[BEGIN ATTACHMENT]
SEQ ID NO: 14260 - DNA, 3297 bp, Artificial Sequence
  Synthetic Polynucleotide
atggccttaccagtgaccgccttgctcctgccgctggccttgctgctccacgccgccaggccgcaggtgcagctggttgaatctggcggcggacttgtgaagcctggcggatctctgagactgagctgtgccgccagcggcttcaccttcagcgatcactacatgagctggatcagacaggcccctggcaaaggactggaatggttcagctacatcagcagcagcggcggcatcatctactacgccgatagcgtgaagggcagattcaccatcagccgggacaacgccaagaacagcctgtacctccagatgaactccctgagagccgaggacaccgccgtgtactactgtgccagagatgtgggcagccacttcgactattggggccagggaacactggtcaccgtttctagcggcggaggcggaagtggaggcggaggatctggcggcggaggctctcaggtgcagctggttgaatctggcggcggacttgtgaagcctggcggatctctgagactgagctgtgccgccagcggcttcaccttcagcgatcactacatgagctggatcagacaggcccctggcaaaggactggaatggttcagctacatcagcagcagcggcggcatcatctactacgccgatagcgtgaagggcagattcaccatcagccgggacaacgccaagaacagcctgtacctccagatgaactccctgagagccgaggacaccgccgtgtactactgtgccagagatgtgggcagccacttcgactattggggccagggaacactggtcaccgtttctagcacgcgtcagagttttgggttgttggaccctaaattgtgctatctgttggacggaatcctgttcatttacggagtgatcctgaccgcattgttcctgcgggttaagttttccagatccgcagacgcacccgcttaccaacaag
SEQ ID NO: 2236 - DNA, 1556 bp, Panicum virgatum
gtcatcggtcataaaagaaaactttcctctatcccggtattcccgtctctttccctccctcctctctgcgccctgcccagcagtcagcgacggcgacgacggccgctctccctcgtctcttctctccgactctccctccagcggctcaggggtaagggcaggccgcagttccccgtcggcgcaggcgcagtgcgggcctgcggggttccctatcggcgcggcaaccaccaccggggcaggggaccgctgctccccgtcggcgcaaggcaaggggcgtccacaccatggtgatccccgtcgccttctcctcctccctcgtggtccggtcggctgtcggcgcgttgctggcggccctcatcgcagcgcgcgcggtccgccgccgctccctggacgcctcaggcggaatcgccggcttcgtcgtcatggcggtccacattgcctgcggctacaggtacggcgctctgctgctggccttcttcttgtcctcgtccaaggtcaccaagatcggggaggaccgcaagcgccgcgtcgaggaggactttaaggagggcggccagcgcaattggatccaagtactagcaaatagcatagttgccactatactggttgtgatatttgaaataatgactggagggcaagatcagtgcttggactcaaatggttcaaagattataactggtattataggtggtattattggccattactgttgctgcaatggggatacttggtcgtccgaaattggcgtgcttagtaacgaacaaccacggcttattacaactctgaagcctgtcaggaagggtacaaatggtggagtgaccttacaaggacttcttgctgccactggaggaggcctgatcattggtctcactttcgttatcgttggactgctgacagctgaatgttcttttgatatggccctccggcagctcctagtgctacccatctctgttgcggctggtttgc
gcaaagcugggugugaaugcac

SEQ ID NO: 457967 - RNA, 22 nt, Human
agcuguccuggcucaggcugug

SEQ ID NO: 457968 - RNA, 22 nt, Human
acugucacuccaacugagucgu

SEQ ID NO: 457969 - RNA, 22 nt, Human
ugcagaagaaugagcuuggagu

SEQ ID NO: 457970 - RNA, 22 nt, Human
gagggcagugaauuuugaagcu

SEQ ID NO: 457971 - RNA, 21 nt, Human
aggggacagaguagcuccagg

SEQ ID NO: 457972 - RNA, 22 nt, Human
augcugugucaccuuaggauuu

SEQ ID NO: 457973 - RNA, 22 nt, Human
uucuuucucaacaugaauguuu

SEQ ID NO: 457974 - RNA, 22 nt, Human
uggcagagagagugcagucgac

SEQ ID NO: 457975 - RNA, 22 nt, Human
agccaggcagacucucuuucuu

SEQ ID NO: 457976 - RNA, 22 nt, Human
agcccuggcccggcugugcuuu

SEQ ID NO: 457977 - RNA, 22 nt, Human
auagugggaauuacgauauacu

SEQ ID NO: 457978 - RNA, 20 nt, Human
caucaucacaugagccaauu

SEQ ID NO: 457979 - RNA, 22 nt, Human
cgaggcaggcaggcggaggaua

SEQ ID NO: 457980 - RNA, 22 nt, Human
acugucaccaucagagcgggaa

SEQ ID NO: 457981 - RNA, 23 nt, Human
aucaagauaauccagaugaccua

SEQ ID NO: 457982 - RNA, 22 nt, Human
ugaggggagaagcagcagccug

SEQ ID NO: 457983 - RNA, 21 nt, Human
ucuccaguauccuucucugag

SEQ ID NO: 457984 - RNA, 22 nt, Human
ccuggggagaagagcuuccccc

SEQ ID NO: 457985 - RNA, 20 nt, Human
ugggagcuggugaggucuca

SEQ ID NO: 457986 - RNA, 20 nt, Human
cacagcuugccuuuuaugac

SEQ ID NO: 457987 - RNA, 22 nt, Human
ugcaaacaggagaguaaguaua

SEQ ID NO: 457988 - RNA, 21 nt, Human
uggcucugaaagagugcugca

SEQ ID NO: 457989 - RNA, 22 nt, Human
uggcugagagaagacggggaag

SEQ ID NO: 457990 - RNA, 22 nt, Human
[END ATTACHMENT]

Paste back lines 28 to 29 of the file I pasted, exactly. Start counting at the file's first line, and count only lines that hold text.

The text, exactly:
auagugggaauuacgauauacu

SEQ ID NO: 457978 - RNA, 20 nt, Human